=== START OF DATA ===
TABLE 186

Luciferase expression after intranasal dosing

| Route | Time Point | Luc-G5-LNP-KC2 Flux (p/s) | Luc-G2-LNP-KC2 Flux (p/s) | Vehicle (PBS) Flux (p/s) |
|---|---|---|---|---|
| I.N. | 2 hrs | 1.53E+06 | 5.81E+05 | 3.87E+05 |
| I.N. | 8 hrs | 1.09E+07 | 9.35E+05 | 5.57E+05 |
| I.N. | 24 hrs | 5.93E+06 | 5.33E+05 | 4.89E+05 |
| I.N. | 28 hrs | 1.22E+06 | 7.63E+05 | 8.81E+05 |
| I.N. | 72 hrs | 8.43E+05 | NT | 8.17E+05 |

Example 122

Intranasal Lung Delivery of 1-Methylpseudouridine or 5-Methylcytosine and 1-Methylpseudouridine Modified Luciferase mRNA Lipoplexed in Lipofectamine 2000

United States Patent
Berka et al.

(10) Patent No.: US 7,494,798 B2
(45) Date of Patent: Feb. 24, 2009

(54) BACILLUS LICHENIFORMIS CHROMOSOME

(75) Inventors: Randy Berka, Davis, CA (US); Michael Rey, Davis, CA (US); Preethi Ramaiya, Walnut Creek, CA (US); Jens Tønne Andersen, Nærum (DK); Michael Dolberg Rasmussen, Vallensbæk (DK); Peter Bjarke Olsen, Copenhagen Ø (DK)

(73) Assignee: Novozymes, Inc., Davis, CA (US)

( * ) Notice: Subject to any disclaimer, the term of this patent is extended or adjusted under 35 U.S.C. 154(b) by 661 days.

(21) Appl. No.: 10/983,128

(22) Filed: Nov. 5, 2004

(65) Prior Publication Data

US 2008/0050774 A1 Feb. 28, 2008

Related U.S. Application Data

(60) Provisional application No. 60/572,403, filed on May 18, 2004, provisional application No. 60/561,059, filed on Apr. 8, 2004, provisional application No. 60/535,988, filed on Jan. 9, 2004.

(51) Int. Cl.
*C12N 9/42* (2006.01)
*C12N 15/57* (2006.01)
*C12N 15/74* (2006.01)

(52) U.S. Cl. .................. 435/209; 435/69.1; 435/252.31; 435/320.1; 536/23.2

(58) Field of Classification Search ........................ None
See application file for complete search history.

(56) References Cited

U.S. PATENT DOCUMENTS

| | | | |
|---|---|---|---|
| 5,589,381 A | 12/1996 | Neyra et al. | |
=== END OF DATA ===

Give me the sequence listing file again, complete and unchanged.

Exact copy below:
TABLE 186

Luciferase expression after intranasal dosing

| Route | Time Point | Luc-G5-LNP-KC2 Flux (p/s) | Luc-G2-LNP-KC2 Flux (p/s) | Vehicle (PBS) Flux (p/s) |
|---|---|---|---|---|
| I.N. | 2 hrs | 1.53E+06 | 5.81E+05 | 3.87E+05 |
| I.N. | 8 hrs | 1.09E+07 | 9.35E+05 | 5.57E+05 |
| I.N. | 24 hrs | 5.93E+06 | 5.33E+05 | 4.89E+05 |
| I.N. | 28 hrs | 1.22E+06 | 7.63E+05 | 8.81E+05 |
| I.N. | 72 hrs | 8.43E+05 | NT | 8.17E+05 |

Example 122

Intranasal Lung Delivery of 1-Methylpseudouridine or 5-Methylcytosine and 1-Methylpseudouridine Modified Luciferase mRNA Lipoplexed in Lipofectamine 2000

United States Patent
Berka et al.

(10) Patent No.: US 7,494,798 B2
(45) Date of Patent: Feb. 24, 2009

(54) BACILLUS LICHENIFORMIS CHROMOSOME

(75) Inventors: Randy Berka, Davis, CA (US); Michael Rey, Davis, CA (US); Preethi Ramaiya, Walnut Creek, CA (US); Jens Tønne Andersen, Nærum (DK); Michael Dolberg Rasmussen, Vallensbæk (DK); Peter Bjarke Olsen, Copenhagen Ø (DK)

(73) Assignee: Novozymes, Inc., Davis, CA (US)

( * ) Notice: Subject to any disclaimer, the term of this patent is extended or adjusted under 35 U.S.C. 154(b) by 661 days.

(21) Appl. No.: 10/983,128

(22) Filed: Nov. 5, 2004

(65) Prior Publication Data

US 2008/0050774 A1 Feb. 28, 2008

Related U.S. Application Data

(60) Provisional application No. 60/572,403, filed on May 18, 2004, provisional application No. 60/561,059, filed on Apr. 8, 2004, provisional application No. 60/535,988, filed on Jan. 9, 2004.

(51) Int. Cl.
*C12N 9/42* (2006.01)
*C12N 15/57* (2006.01)
*C12N 15/74* (2006.01)

(52) U.S. Cl. .................. 435/209; 435/69.1; 435/252.31; 435/320.1; 536/23.2

(58) Field of Classification Search ........................ None
See application file for complete search history.

(56) References Cited

U.S. PATENT DOCUMENTS

| | | | |
|---|---|---|---|
| 5,589,381 A | 12/1996 | Neyra et al. | |